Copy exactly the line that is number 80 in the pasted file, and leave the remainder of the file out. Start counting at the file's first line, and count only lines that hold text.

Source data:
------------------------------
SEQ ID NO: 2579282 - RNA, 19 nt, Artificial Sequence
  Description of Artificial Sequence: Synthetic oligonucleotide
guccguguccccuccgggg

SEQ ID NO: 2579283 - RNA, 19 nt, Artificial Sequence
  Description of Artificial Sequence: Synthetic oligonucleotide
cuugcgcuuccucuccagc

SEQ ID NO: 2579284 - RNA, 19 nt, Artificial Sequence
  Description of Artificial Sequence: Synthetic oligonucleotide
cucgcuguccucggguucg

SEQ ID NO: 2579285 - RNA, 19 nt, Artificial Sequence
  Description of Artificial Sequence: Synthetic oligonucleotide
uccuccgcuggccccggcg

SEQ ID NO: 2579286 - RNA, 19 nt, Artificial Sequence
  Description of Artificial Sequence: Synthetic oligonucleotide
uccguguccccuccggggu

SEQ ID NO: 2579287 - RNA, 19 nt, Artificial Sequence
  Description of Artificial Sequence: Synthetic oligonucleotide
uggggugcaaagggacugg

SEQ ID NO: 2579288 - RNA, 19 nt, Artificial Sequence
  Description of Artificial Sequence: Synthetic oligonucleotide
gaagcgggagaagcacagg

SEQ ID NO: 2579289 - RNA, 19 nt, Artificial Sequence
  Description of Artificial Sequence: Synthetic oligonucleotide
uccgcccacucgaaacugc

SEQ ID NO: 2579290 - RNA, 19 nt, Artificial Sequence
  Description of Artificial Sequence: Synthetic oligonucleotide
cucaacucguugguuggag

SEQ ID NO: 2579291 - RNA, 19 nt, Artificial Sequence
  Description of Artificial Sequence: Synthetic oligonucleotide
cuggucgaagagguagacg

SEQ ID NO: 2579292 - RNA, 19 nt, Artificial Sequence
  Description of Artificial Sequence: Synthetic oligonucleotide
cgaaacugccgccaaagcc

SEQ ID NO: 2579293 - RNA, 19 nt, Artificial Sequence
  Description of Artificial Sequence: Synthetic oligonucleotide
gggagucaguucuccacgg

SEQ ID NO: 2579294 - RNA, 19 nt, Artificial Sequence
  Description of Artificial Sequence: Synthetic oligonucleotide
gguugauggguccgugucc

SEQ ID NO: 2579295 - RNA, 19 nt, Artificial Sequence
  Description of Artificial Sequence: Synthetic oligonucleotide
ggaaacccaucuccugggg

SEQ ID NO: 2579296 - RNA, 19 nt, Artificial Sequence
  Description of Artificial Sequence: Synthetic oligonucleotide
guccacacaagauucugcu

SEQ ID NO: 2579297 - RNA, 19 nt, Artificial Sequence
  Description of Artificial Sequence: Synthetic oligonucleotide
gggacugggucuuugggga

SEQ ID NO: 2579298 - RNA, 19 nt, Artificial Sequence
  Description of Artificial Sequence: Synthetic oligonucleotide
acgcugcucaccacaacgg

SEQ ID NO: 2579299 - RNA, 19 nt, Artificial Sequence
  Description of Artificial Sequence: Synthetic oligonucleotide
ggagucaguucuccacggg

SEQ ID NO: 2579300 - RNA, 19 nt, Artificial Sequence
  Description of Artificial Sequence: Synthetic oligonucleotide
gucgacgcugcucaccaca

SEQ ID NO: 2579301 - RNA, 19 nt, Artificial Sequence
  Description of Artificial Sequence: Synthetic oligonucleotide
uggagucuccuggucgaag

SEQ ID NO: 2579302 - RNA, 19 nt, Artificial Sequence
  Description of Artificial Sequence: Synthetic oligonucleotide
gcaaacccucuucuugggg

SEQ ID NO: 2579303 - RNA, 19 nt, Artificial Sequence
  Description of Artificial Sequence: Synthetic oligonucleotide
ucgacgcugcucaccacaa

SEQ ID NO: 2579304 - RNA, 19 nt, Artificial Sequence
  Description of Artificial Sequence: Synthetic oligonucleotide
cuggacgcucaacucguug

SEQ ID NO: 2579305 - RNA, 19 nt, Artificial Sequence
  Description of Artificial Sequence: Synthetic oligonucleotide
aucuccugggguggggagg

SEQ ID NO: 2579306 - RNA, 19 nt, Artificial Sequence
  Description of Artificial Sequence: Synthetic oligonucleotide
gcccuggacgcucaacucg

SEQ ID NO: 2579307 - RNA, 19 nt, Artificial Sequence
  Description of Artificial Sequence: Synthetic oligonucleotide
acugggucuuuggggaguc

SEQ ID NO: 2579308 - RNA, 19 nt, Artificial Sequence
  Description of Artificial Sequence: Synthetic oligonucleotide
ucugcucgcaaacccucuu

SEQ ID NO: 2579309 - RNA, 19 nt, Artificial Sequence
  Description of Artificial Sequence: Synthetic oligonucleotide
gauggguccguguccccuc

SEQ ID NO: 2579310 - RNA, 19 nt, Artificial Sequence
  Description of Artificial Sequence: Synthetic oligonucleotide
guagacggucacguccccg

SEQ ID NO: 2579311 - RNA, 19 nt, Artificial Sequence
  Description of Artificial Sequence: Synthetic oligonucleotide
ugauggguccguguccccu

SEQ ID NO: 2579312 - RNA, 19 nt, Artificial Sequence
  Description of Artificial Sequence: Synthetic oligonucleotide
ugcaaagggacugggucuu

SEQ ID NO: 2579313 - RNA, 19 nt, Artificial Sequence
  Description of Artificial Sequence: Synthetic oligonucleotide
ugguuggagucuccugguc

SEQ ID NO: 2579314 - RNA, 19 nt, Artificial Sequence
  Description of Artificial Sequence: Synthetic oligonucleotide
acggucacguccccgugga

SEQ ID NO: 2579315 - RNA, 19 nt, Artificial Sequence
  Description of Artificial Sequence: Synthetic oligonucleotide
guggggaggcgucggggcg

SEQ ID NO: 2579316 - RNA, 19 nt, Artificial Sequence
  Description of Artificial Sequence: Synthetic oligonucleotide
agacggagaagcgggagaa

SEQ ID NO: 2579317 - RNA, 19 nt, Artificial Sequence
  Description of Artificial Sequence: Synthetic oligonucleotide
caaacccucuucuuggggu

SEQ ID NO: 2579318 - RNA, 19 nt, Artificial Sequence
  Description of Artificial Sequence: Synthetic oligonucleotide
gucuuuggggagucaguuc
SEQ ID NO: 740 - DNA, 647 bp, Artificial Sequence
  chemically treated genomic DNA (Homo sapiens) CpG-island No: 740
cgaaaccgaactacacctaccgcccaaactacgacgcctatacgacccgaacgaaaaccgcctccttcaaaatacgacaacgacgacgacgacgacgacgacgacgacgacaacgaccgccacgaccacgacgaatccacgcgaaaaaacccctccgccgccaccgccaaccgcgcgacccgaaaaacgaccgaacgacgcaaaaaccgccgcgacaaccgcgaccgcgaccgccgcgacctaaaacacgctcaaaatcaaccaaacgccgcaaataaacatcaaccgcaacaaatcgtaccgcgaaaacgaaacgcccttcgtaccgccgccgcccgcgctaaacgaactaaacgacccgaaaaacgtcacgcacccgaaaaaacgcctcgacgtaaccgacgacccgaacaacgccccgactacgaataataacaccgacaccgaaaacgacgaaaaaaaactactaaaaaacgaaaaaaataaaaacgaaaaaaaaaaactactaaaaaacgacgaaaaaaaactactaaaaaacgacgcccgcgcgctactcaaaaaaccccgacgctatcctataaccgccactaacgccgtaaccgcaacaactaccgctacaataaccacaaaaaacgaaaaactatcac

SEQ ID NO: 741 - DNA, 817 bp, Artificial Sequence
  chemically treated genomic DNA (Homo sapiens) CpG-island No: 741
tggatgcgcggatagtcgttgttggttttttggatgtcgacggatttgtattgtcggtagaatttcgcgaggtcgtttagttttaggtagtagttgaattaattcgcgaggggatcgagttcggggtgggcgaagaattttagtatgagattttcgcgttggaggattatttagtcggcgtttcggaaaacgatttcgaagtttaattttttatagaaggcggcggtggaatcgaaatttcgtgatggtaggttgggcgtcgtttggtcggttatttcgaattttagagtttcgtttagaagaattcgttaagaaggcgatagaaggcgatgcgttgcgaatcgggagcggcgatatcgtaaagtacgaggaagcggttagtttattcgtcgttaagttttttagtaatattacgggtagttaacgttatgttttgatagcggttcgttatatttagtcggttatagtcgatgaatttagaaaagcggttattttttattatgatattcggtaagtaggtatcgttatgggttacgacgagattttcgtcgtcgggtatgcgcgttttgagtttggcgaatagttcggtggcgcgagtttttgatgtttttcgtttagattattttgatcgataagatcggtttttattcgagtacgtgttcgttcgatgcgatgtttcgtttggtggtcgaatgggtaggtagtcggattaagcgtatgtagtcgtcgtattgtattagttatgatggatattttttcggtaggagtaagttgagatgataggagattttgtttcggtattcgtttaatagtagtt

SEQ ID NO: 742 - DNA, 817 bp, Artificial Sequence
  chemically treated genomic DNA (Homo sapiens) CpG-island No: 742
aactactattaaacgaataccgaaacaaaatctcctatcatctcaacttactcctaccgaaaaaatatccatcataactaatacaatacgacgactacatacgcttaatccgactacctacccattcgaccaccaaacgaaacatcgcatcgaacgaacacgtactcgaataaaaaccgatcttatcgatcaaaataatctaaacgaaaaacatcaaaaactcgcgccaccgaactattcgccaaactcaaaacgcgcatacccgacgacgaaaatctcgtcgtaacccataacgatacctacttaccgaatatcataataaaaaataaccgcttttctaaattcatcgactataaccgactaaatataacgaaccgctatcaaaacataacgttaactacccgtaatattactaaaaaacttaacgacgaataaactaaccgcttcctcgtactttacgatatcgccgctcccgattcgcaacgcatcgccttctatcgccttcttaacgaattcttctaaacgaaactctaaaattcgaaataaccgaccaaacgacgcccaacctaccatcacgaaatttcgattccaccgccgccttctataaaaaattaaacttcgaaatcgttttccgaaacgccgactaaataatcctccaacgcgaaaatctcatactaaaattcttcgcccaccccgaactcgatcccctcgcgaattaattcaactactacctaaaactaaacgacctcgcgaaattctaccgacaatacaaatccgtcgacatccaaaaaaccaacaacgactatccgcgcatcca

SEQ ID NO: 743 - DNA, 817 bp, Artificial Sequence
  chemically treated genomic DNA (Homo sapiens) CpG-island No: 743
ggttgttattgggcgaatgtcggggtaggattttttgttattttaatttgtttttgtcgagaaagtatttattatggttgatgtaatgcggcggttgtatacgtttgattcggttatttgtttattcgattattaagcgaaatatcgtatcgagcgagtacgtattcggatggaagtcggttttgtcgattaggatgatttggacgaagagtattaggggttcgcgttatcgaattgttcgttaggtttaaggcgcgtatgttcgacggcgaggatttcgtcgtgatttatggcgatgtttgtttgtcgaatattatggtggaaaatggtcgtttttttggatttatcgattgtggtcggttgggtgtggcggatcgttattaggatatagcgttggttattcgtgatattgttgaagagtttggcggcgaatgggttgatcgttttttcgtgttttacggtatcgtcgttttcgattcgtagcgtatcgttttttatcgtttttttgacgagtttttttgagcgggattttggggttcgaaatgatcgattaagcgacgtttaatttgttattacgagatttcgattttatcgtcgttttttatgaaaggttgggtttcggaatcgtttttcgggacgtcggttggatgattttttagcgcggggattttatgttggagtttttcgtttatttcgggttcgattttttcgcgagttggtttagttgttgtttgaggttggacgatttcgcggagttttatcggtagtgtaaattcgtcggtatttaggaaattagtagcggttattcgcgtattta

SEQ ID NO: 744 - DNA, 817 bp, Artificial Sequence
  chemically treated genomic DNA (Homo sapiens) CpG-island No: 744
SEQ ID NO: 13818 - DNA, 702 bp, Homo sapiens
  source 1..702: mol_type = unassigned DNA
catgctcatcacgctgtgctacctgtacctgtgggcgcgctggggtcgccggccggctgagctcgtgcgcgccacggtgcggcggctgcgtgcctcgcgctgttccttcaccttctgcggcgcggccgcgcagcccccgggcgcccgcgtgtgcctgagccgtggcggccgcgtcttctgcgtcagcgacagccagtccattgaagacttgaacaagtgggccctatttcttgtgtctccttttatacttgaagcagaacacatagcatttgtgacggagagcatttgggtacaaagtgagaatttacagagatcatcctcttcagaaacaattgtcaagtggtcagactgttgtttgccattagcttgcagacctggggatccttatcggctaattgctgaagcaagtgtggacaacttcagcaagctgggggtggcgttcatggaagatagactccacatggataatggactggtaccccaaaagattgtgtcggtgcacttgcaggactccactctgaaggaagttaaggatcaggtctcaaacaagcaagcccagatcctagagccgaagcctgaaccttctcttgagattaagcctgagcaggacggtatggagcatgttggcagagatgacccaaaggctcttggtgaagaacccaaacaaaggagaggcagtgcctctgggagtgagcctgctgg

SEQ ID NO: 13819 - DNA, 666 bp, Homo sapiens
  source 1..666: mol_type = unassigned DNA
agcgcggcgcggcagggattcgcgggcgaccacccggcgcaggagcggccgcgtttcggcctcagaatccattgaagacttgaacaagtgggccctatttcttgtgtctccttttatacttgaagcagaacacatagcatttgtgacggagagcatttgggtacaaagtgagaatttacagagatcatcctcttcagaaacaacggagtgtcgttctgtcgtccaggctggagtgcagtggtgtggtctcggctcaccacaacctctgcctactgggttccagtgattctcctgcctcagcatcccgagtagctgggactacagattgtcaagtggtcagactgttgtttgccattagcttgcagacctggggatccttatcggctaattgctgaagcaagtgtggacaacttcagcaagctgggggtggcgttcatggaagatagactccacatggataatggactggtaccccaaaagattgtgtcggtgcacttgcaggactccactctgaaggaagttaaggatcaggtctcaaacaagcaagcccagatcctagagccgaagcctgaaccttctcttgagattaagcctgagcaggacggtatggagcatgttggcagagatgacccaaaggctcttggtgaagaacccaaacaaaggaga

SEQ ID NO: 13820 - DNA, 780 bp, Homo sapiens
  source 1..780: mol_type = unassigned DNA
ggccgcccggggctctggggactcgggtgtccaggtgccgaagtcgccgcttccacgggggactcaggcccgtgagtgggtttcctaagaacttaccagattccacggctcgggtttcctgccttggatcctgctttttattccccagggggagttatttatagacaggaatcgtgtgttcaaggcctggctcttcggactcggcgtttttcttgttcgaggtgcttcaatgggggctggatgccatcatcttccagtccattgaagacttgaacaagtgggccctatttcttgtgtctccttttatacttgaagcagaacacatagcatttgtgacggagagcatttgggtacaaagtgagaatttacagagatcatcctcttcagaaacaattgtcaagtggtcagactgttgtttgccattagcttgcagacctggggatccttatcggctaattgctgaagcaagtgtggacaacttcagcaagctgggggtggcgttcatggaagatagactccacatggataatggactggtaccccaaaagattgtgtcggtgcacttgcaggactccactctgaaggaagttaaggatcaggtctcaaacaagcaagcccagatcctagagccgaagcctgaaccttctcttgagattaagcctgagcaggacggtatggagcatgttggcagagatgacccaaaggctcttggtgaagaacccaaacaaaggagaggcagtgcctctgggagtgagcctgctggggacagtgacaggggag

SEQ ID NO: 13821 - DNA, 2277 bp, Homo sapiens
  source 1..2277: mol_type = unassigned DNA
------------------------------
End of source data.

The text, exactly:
  Description of Artificial Sequence: Synthetic oligonucleotide